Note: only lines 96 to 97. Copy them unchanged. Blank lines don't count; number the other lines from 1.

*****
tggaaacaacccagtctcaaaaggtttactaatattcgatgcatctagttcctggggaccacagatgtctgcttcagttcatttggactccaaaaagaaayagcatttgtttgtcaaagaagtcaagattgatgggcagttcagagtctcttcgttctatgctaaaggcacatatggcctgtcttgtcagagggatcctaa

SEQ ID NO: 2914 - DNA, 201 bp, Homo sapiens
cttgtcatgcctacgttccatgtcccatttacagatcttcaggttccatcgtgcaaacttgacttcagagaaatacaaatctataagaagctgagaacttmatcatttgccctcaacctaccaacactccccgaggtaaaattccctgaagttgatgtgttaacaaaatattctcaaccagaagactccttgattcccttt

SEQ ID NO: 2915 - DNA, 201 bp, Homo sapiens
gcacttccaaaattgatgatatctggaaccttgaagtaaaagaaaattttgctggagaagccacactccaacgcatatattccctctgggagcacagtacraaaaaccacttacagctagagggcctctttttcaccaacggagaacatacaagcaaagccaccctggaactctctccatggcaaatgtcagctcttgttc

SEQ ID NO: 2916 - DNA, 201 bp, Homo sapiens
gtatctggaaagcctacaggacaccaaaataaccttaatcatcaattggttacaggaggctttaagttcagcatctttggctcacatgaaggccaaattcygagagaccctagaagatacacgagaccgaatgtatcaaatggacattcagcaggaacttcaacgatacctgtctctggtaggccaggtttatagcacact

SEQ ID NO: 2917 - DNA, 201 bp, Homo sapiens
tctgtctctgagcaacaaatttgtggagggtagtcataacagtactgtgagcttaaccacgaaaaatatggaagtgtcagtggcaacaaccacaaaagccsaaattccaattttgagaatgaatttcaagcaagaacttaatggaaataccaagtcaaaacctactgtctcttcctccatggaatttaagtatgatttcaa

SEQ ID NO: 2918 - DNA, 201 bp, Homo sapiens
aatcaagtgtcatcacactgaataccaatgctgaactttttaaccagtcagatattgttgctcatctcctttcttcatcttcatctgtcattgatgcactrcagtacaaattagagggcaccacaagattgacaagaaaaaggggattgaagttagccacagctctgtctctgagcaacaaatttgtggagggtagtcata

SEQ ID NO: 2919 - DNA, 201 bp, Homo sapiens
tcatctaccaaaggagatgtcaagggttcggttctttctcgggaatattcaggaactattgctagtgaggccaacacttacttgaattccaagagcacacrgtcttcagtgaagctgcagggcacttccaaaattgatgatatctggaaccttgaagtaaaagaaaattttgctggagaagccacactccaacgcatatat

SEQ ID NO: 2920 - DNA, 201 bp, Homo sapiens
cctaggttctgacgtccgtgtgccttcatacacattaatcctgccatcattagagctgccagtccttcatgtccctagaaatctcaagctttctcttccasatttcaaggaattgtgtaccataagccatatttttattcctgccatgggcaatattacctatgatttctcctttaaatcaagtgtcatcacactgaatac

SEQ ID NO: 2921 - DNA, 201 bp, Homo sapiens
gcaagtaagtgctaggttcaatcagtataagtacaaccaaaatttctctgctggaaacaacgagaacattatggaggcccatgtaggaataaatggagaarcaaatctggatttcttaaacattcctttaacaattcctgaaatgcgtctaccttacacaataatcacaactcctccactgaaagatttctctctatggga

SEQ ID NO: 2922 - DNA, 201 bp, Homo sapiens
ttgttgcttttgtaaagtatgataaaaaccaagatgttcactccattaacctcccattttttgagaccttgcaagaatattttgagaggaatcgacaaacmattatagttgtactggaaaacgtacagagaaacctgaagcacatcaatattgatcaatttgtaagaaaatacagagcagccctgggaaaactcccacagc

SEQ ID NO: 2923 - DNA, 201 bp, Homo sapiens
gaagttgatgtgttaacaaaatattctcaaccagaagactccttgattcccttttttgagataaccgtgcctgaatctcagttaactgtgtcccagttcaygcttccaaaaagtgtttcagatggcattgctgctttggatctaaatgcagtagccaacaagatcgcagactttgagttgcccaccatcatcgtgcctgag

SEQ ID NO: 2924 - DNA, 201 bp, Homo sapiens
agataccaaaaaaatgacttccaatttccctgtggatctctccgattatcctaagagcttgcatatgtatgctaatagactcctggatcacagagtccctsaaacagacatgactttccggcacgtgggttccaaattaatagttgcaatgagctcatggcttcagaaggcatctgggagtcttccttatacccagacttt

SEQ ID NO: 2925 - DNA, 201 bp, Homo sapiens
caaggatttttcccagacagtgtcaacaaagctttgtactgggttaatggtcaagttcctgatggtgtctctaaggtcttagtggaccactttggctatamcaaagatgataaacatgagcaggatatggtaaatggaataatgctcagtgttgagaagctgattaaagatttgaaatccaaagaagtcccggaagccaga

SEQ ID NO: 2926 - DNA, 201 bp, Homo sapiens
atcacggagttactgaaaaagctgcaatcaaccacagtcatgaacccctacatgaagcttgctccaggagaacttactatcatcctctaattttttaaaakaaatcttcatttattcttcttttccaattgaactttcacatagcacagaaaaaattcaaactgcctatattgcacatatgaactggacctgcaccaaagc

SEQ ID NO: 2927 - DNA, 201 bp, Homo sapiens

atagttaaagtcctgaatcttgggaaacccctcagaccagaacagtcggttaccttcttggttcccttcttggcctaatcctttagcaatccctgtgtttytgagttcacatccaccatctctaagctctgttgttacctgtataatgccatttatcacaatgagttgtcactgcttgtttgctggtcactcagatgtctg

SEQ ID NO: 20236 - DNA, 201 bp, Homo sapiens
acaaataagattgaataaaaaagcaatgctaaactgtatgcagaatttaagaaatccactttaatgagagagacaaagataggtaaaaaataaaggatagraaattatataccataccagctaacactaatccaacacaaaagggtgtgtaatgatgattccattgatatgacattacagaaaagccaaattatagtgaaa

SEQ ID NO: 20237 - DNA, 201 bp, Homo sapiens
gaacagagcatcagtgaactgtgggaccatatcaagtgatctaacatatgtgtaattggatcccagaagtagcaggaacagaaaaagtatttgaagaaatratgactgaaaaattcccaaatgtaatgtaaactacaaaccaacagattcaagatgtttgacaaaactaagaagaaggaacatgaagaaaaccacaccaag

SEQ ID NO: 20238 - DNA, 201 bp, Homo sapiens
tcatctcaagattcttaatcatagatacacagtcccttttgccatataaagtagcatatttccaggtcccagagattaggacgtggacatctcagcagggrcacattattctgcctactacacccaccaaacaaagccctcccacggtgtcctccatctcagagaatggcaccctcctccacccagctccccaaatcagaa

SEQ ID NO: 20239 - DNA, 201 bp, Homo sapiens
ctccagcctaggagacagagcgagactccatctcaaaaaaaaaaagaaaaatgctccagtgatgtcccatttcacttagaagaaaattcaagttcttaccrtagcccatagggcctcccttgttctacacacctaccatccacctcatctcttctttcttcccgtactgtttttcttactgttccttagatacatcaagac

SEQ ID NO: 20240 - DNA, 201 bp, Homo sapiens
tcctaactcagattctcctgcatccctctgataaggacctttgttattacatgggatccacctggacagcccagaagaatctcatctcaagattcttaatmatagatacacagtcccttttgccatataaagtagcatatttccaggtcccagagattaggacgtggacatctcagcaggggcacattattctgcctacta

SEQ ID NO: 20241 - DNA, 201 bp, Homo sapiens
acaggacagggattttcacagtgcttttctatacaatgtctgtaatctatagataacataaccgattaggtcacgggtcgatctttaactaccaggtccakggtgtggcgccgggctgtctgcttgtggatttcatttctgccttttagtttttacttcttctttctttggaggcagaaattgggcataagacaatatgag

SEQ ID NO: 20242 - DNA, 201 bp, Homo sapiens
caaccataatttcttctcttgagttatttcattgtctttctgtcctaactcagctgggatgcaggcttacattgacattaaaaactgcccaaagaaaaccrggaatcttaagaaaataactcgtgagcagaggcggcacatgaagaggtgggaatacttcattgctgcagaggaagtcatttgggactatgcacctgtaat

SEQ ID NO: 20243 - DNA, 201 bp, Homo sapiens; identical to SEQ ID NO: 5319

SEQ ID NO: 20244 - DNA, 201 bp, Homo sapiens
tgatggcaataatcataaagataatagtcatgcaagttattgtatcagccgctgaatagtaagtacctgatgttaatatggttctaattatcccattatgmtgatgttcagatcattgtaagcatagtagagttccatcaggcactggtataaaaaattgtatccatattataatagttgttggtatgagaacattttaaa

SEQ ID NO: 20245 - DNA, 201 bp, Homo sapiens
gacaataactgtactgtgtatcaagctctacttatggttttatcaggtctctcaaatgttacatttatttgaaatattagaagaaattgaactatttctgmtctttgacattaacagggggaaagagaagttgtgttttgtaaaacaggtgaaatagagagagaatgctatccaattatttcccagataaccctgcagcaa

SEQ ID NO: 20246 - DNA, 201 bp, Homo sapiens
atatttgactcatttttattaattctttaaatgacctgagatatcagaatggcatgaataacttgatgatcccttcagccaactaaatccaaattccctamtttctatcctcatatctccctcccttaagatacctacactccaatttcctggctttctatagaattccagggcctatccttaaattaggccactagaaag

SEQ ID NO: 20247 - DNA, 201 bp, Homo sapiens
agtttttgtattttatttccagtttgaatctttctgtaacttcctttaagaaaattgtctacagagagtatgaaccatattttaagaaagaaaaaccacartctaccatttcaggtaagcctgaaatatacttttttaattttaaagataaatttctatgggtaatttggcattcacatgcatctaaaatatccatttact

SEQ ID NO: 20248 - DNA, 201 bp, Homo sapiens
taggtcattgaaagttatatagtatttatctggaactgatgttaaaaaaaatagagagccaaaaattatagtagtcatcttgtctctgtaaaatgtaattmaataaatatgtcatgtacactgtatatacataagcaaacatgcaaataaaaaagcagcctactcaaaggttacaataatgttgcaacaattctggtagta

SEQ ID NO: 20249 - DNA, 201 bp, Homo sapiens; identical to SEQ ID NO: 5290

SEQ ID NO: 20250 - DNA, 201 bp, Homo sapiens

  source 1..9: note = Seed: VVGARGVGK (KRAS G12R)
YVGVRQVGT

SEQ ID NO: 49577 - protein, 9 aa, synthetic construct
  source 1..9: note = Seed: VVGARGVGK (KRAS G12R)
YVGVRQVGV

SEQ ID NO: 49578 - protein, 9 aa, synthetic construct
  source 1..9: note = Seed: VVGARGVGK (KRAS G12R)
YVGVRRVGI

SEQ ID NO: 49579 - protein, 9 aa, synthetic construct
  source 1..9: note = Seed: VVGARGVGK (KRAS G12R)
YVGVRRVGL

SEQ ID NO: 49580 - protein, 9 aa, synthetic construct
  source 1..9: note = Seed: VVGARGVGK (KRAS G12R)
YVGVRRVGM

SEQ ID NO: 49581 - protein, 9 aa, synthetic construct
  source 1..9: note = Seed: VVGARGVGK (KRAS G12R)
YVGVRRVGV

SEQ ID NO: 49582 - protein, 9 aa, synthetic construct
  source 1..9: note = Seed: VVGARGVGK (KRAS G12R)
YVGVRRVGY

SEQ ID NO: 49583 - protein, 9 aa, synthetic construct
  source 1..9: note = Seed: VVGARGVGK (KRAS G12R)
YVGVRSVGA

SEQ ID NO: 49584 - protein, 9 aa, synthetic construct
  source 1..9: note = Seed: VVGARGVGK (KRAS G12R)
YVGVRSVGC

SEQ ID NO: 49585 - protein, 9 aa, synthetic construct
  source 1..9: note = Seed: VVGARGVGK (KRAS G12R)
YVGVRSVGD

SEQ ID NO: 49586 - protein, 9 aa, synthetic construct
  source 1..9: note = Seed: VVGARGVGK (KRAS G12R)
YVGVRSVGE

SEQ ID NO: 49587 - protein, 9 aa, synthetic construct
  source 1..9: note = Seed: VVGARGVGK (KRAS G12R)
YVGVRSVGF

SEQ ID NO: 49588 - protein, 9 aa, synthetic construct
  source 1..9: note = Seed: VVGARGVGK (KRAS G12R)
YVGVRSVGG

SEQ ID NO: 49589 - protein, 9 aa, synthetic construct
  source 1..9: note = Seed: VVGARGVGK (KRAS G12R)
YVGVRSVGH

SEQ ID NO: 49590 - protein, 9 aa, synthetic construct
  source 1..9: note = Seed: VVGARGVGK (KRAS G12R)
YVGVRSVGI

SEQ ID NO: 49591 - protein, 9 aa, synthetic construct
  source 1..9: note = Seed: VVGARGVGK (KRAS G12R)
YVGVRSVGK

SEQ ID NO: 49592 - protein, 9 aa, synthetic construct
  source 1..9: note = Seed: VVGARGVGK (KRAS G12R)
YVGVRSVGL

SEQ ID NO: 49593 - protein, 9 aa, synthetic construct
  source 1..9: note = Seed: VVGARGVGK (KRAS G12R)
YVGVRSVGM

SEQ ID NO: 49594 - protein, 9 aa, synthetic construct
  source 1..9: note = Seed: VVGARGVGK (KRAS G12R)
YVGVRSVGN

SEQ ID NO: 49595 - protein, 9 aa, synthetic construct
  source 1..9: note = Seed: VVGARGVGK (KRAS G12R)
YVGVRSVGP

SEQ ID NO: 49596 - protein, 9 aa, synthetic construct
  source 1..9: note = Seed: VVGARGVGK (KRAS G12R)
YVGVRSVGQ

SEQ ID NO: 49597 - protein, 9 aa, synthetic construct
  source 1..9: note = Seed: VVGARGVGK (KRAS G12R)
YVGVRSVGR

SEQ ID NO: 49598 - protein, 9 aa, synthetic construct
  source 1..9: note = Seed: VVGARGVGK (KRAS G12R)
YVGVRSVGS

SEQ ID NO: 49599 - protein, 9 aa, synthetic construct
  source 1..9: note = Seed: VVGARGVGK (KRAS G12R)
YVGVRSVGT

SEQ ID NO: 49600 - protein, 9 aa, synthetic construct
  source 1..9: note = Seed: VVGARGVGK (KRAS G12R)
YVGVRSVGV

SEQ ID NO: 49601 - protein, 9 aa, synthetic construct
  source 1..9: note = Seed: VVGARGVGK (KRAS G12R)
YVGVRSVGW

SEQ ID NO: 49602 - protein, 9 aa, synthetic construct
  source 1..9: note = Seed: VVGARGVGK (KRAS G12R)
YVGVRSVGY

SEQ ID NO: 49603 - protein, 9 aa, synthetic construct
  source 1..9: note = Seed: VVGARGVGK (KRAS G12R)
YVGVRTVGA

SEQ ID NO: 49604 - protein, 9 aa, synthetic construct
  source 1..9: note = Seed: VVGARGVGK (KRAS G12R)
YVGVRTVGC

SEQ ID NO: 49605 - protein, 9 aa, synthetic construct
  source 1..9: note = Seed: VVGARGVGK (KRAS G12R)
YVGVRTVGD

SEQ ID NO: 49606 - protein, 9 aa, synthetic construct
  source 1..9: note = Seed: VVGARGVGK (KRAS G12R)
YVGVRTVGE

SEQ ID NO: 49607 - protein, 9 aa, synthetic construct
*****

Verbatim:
  source 1..9: note = Seed: VVGARGVGK (KRAS G12R)
YVGVRSVGH